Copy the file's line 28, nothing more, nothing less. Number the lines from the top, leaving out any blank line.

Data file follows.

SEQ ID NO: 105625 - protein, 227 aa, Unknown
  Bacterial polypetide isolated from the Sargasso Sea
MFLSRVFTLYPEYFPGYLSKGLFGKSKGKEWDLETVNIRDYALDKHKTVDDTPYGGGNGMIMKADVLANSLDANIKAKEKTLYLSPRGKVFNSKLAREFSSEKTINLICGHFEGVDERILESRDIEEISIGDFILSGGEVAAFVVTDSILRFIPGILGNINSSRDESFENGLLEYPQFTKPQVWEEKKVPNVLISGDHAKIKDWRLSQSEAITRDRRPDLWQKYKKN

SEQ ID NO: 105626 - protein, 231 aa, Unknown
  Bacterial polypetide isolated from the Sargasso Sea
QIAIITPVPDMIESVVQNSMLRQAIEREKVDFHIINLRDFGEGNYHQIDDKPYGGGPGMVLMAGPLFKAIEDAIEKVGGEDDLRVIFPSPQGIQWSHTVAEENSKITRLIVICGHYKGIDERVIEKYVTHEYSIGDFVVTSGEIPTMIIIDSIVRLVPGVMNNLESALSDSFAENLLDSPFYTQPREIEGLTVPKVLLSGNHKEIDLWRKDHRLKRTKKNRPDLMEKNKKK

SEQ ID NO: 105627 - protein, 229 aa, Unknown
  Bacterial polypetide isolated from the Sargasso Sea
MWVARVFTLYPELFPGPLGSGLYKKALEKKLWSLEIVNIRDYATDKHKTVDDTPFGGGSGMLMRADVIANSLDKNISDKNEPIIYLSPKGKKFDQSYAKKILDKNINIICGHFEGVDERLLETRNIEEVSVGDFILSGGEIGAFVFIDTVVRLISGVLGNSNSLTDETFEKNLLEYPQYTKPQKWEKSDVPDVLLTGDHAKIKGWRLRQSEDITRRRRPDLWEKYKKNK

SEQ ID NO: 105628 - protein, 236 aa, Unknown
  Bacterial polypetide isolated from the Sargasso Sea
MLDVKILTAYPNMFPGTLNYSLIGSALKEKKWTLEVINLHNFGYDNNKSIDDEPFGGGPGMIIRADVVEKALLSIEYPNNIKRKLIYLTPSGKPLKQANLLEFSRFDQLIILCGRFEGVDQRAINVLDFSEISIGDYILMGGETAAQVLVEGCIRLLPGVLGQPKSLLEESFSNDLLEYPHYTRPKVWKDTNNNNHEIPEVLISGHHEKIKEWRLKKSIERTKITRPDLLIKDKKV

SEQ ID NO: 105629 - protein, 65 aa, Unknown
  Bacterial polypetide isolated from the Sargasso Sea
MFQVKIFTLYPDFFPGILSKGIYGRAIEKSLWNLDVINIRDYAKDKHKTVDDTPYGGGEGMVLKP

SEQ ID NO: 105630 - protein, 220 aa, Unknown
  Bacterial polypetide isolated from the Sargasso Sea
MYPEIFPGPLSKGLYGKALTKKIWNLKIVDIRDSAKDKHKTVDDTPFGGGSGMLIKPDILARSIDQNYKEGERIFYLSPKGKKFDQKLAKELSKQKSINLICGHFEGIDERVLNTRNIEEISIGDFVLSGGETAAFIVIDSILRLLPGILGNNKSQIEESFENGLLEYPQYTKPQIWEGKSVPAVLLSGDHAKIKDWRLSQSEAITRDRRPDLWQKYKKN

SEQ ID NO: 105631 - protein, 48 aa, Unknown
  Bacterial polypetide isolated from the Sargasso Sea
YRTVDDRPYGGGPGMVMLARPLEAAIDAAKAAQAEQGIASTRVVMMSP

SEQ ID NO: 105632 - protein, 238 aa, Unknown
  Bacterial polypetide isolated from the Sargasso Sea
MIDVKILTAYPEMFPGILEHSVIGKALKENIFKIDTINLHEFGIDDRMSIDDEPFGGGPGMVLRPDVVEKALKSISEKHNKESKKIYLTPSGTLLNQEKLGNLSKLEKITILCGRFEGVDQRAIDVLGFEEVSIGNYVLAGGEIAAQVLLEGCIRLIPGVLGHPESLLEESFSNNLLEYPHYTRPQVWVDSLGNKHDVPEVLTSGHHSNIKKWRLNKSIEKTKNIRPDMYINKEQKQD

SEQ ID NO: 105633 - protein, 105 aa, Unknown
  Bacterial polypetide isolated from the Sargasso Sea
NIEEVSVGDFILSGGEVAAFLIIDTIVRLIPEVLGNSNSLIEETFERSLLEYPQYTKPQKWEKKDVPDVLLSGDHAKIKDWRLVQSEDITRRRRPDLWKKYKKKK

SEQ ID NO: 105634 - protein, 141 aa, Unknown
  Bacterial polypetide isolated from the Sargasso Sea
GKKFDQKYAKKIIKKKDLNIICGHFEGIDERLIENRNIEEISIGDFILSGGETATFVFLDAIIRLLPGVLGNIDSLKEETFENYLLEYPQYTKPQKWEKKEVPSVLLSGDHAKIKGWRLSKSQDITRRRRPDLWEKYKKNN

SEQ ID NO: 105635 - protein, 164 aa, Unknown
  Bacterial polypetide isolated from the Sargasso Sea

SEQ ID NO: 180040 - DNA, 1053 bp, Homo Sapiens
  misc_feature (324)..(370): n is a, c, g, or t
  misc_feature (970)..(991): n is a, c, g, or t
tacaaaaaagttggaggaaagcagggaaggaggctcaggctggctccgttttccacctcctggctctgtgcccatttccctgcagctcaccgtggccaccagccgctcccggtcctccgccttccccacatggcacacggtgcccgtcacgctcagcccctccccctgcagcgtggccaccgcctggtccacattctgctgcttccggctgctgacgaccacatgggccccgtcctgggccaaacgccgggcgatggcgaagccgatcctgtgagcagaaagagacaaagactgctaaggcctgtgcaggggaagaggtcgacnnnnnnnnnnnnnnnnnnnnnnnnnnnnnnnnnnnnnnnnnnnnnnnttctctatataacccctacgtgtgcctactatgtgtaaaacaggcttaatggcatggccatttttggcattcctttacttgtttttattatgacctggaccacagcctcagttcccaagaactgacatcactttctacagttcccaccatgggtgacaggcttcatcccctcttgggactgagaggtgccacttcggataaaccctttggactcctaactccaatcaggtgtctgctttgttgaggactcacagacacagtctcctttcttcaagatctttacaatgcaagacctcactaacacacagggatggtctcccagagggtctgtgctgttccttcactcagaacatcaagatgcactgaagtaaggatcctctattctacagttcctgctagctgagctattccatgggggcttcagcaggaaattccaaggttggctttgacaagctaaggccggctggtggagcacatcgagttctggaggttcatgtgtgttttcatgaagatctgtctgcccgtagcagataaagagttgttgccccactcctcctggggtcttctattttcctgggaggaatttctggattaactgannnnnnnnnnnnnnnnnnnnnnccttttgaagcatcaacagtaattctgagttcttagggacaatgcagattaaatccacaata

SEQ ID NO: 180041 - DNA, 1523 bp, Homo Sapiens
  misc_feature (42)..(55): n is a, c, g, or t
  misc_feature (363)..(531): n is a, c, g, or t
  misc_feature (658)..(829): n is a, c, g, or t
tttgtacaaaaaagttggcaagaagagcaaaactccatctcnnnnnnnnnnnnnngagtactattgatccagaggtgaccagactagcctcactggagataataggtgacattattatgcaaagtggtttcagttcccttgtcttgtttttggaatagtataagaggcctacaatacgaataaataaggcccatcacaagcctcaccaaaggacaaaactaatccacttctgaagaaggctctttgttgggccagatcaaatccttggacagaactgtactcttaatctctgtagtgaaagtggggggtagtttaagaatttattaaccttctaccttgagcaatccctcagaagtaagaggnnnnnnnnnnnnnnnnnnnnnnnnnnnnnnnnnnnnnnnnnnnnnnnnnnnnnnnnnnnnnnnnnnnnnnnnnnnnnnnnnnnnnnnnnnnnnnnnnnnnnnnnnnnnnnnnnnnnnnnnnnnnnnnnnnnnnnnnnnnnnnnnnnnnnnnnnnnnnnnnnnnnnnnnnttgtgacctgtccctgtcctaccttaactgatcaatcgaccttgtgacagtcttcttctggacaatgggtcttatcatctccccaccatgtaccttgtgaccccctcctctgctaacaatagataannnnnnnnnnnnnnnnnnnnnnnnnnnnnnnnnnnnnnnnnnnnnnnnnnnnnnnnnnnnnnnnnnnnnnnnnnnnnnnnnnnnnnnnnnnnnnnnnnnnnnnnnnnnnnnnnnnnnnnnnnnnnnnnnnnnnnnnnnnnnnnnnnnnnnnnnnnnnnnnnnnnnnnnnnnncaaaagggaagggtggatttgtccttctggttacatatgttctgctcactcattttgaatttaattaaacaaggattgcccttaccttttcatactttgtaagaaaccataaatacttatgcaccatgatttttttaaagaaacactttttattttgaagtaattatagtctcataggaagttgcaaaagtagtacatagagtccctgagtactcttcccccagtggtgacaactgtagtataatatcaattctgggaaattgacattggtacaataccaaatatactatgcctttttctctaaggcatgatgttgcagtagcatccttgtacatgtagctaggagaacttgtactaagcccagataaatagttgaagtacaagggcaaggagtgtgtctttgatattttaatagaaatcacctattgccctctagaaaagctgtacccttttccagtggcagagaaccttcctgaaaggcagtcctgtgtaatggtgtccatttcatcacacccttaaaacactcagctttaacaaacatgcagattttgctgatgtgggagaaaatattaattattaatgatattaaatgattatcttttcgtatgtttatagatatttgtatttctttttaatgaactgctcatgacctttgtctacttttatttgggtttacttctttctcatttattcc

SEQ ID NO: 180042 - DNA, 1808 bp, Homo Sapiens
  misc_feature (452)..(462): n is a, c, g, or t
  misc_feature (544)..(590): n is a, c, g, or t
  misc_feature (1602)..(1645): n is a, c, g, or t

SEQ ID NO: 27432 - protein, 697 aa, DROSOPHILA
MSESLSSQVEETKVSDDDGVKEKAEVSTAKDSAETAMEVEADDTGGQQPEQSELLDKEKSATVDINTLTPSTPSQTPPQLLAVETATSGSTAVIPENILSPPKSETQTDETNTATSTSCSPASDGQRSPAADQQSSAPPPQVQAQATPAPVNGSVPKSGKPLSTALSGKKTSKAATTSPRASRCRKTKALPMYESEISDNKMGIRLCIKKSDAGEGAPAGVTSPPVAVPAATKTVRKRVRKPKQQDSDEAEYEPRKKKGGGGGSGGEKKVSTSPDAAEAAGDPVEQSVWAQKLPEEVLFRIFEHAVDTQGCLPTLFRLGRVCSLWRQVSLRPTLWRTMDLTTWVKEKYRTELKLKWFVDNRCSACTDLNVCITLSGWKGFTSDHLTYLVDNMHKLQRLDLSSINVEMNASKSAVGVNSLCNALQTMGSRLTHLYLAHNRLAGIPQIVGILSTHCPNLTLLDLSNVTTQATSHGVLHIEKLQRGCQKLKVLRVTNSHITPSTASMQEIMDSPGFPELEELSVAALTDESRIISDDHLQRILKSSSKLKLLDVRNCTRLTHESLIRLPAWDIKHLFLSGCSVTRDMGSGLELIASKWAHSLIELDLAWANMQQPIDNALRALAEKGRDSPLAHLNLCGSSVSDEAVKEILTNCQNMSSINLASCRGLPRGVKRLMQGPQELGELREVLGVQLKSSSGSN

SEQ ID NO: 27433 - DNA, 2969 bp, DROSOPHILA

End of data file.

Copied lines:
SEQ ID NO: 105634 - protein, 141 aa, Unknown